The law and the state's "General Plan Guidelines" (created and periodically updated by the Governor's Office of Planning and Research to assist localities in preparing a General Plan) includes specific requirements for each element as to the level of detail and analysis that must be addressed in the plan. The "Housing Element" has the most specific content requirements, including its own separate schedule of mandatory revision (currently every 7 years); and it is the only General Plan element that requires the separate approval (called "certification") of a state agency, the department of Housing and Community Development (HCD). However, the internal consistency requirement of General Plan law is intended to insure that all elements have equal importance and priority in their application and implementation.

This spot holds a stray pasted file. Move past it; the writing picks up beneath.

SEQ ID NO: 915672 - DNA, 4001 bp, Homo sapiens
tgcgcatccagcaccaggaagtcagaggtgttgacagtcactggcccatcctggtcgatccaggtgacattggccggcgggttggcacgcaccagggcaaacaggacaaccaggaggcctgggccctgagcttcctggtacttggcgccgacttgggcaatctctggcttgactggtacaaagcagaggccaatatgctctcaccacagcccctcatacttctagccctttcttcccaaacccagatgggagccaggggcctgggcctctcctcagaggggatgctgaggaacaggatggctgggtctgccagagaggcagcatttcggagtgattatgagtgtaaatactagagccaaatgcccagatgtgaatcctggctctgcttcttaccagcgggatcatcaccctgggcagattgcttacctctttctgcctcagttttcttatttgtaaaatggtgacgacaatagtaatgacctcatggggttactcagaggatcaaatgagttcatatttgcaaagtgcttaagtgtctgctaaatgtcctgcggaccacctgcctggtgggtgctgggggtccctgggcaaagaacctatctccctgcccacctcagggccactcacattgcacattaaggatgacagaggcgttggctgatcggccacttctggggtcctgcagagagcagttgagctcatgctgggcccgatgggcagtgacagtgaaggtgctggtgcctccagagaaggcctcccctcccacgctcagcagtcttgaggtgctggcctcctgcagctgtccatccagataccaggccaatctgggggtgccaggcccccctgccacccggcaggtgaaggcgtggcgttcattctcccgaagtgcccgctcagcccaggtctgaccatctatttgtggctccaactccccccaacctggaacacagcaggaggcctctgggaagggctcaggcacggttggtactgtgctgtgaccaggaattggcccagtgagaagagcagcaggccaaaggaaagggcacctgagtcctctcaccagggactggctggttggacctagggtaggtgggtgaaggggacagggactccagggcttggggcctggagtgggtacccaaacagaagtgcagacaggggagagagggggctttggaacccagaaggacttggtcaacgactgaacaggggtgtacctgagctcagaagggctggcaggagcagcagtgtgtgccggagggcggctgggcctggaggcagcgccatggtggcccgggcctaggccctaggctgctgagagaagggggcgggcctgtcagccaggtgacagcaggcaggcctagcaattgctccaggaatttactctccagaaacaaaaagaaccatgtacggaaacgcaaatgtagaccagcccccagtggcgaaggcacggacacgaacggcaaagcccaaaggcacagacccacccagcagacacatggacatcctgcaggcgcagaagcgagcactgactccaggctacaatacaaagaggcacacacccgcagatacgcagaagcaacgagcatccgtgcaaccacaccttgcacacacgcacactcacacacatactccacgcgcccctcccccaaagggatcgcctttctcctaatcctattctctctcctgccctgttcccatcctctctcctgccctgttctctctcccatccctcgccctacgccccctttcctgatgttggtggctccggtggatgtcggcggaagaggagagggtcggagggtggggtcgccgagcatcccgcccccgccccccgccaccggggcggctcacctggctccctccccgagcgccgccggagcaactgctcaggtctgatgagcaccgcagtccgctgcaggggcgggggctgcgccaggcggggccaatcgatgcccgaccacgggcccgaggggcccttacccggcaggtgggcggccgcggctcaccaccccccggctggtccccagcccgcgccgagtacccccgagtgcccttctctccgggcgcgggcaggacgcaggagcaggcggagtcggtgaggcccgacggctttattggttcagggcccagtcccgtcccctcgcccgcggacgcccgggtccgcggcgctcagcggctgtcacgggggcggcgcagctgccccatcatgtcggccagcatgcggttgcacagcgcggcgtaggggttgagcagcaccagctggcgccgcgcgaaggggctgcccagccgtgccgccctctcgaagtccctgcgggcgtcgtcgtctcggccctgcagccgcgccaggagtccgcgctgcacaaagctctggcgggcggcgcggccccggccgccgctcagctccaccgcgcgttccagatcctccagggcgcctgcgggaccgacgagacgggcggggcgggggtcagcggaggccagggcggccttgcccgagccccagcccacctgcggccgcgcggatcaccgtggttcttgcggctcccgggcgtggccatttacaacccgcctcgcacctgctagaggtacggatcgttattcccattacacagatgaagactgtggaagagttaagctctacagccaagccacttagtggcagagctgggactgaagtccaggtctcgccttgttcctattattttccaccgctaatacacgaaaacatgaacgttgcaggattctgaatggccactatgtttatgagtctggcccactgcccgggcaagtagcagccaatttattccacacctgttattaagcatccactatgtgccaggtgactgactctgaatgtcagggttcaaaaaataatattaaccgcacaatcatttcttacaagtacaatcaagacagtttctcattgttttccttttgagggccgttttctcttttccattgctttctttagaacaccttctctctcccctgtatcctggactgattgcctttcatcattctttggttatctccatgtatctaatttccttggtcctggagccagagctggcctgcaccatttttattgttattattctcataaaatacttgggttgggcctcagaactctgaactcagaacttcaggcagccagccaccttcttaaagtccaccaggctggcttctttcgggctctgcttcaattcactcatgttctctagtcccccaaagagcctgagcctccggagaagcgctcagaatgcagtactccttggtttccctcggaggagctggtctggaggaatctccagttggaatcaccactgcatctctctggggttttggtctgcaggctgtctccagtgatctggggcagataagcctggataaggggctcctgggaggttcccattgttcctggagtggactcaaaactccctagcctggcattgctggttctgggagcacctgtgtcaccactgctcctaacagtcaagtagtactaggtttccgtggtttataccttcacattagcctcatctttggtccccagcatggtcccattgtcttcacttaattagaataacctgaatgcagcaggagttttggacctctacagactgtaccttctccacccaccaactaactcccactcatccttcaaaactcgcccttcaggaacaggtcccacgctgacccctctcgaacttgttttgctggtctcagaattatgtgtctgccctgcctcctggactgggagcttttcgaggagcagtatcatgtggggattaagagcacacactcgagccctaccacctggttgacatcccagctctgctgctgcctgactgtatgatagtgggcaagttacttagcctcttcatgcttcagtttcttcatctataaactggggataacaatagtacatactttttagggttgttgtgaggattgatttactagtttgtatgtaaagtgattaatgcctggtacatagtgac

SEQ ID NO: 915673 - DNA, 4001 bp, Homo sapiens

Beyond the mandatory elements of the General Plan, there is a great deal of flexibility to address local conditions and circumstances through additional elements. Many General Plans contain elements that address the local economy, urban design, bicycle and pedestrian needs, parks and recreation, social services, public health, sustainability and so forth. There is also a great deal of flexibility in creating the format of the General Plan so that certain topics can be better integrated. For example, the Circulation element, which has traditionally focused on roadway networks and accommodating motor vehicle movements, has evolved into a much more comprehensive analysis of "mobility" that analyzes all means of personal and public transportation, as well as the movement of goods and services.